The energy crisis, which has led to fuel shortages and blackouts in some countries, has highlighted the difficulty in cutting the global economy’s dependency on fossil fuels as world leaders seek to revive efforts to tackle climate change at talks next month in Glasgow.
In China, where coal production had been curtailed to meet climate goals, officials have ordered more than 70 coal mines in Inner Mongolia to ramp up production by nearly 100 million tonnes or 10%, as the world’s largest exporter battles its worst power shortages in years.
Russia’s Gazprom, a key supplier of gas to China, calmed fears that a fire at a major gas processing plant could worsen the situation, saying it was able to continue exporting gas to China as normal.
India, the second largest coal consumer after China, is also suffering electricity outages because of a lack of coal with over half of its coal-fired power plants having less than three days worth of fuel stocks, data from the federal grid operator showed.
Oil prices rose on Friday, on track for gains of nearly 5% this week, as industries switch fuel.
“A lot of catalysts are out there to keep the oil market tight,” said Edward Moya, a senior market analyst at brokerage OANDA.
Reflecting the gravity of the situation, the United States has not ruled out tapping into its strategic petroleum reserves, which it typically only does after major supply disruptions such as hurricanes, or pursuing a ban on oil exports to bring down the cost of crude oil, though there are doubts it is ready to take such action yet.
“DOE is actively monitoring global energy market supply and will work with our agency partners to determine if and when actions are needed,” a spokesperson for the Department of Energy said.
Global fuel shortages are another blow to a world economy just getting back on its feet after the coronavirus pandemic and threaten an expensive winter for consumers.
China is going to allow coal-fired power prices to fluctuate by up to 20% from base levels, instead of 10-15% previously, in order to prevent high energy consumption, state broadcaster CCTV reported on Friday, citing a meeting of the State Council, or cabinet.
Bangladesh, meanwhile, bought two cargoes of liquefied natural gas (LNG) for delivery in October at record prices, two industry sources said on Friday, as low stocks in Europe boosts competition with Asia for supplies.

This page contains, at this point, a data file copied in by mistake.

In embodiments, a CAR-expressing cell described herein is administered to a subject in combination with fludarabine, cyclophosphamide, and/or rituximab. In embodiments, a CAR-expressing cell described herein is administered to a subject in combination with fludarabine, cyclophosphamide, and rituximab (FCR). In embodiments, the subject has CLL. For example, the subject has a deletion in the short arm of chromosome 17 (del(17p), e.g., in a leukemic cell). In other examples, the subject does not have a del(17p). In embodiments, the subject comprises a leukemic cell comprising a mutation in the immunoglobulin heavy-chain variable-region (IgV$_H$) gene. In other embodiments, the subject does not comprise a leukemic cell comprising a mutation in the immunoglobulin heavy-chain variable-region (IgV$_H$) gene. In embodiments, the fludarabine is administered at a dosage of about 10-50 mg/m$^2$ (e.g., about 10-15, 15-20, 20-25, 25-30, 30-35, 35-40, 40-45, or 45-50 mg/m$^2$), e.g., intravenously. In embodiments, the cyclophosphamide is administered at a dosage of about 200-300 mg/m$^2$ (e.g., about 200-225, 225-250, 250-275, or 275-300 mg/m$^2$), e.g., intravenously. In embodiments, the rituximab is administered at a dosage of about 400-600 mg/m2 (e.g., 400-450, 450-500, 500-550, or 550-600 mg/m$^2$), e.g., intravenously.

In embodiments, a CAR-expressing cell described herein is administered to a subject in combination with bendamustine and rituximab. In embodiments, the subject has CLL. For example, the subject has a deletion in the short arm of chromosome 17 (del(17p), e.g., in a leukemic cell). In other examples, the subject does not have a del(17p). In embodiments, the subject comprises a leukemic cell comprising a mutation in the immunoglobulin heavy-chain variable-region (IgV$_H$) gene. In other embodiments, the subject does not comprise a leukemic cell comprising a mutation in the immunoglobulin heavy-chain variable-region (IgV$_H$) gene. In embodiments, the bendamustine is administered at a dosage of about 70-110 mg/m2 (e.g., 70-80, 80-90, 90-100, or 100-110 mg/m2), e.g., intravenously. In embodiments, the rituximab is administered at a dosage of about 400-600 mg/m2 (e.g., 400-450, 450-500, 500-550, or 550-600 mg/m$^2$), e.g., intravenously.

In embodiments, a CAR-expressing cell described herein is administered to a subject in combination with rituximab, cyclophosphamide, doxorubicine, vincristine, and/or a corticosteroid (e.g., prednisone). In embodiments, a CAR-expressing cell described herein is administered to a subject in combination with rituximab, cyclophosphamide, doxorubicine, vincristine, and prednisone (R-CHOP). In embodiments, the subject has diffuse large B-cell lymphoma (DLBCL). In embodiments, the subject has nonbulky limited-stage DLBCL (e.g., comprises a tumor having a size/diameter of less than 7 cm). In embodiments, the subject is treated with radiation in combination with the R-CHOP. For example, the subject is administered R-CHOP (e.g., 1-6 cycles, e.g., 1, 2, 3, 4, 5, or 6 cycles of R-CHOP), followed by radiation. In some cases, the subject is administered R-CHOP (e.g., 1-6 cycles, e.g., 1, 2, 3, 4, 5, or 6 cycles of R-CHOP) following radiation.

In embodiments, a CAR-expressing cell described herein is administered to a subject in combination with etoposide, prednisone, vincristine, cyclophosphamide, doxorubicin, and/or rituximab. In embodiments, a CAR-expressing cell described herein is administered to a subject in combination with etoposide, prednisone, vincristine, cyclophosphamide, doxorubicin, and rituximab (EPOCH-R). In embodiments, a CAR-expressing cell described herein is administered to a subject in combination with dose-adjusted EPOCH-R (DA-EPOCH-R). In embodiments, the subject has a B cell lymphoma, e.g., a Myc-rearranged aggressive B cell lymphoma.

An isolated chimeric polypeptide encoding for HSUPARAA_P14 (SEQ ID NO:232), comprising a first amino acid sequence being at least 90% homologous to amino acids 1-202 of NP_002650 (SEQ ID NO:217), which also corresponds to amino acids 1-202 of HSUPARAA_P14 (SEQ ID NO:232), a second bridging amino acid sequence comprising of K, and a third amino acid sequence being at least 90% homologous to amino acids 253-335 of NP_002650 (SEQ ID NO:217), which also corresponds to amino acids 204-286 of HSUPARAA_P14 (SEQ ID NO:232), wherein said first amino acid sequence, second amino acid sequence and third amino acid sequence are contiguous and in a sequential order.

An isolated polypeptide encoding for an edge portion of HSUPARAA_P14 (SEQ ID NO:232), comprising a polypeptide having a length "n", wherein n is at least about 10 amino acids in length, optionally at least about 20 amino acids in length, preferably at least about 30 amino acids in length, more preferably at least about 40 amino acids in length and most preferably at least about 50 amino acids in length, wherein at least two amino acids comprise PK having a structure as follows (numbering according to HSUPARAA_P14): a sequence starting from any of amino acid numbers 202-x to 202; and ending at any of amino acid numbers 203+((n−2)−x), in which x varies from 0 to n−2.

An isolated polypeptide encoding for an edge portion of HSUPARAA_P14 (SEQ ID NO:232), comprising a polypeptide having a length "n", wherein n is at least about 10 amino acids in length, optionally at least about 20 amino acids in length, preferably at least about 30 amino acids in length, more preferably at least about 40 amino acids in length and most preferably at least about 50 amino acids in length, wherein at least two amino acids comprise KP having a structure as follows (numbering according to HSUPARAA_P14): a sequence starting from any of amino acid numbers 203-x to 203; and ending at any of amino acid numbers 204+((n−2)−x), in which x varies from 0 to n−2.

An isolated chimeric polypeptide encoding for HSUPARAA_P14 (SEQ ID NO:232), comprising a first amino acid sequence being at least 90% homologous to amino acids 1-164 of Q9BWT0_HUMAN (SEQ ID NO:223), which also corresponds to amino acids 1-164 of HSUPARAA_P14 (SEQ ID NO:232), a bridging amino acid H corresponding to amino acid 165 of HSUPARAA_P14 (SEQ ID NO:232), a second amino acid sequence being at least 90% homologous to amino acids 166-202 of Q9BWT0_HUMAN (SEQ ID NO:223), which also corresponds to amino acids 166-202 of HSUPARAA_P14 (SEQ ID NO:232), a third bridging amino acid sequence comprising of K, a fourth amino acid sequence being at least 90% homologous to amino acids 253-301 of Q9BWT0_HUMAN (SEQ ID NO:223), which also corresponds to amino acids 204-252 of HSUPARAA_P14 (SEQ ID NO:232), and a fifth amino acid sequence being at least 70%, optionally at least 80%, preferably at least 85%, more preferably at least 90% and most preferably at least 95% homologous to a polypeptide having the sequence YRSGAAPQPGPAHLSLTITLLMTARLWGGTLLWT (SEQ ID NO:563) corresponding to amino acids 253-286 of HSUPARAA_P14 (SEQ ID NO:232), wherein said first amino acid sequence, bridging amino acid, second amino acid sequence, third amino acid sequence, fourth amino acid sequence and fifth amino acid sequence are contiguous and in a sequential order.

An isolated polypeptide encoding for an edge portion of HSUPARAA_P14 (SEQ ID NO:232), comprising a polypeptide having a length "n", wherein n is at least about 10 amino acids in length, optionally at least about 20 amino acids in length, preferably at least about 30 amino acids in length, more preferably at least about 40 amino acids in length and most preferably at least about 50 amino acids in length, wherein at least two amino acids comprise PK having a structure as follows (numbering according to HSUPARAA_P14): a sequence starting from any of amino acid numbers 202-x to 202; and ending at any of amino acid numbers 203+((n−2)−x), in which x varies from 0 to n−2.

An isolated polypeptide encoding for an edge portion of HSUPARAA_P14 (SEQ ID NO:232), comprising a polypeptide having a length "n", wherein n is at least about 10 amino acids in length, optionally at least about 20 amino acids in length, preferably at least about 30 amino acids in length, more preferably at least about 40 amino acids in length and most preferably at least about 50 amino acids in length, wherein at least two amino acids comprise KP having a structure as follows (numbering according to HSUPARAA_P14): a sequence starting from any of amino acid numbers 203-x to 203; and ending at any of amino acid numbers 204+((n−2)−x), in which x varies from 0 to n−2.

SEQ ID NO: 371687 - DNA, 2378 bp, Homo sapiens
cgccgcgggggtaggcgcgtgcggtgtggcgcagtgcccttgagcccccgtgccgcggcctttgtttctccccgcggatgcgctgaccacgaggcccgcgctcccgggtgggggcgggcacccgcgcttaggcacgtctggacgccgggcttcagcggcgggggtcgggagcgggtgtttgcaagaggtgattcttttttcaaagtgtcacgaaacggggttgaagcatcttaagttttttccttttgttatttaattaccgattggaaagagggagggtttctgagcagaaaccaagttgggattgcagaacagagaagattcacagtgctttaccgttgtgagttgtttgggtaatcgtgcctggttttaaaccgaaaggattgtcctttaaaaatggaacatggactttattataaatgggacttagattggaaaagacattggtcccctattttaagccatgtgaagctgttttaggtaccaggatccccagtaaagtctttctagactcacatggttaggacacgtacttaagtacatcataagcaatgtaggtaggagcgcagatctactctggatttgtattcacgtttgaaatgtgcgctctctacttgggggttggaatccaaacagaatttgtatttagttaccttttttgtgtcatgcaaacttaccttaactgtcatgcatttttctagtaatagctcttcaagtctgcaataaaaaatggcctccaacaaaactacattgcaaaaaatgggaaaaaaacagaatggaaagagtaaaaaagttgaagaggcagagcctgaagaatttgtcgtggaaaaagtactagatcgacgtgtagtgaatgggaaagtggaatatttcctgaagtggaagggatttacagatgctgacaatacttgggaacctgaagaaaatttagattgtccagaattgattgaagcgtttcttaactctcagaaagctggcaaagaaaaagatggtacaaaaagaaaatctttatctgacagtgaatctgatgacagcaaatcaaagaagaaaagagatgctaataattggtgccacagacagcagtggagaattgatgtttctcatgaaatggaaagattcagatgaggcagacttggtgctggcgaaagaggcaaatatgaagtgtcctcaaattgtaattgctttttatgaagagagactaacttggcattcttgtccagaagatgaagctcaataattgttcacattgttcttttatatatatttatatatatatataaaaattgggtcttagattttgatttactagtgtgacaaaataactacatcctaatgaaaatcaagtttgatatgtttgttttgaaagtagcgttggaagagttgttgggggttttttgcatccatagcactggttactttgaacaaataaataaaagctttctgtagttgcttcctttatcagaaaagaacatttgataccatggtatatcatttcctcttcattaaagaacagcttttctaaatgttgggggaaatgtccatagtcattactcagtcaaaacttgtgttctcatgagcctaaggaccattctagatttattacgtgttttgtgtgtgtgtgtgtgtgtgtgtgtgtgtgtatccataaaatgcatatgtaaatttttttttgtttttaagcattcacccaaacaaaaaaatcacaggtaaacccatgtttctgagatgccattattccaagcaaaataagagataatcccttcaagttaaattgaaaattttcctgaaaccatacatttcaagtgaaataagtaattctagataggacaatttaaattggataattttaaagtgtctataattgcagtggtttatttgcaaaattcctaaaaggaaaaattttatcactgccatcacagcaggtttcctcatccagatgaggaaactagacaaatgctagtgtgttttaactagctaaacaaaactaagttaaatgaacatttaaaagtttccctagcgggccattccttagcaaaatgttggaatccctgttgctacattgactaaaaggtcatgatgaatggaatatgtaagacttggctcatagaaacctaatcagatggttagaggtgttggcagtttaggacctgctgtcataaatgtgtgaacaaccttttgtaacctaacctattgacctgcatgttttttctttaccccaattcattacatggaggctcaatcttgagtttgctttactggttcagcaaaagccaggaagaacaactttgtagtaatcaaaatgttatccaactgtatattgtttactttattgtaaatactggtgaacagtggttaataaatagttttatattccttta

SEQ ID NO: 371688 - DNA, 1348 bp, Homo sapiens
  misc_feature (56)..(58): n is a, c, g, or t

“It is really tough to cope with such abnormal prices. At the moment, we have no other option but to buy to keep economic activities going,” an official of state-run Petrobangla, which oversees LNG supplies, said.
Bangladesh is reviewing leases of five oil-fired power plants which are nearing expiry, despite its plan to move from oil towards natural gas for power generation.
Even before the current energy crisis erupted, the world was far behind on efforts to avert catastrophic climate change with a United Nations analysis estimating that global emissions would be 16% higher in 2030 than they were in 2010 based on countries’ current pledges.
Surging energy prices are stoking tensions in Europe over the green transition. Wealthier nations want to keep up the pressure to quit fossil fuels while poorer ones, worried about the cost to the consumer, are wary.
Britain’s energy regulator warned that energy bills, which have just been hiked, are likely to rise significantly in April due to high wholesale costs which have forced some suppliers out of business.
Divisions within the European Union have deepened, with Hungary’s Prime Minister Viktor Orban blaming European Union action to combat climate change for the current crisis and saying Poland and Hungary would present a united front at the next EU summit.
Analysts have said rising gas prices are the main driver of European electricity costs, while the soaring cost of permits on the EU carbon market has contributed around a fifth of the power price increase.
Writing by Elaine Hardcastle; Editing by Carmel Crimmins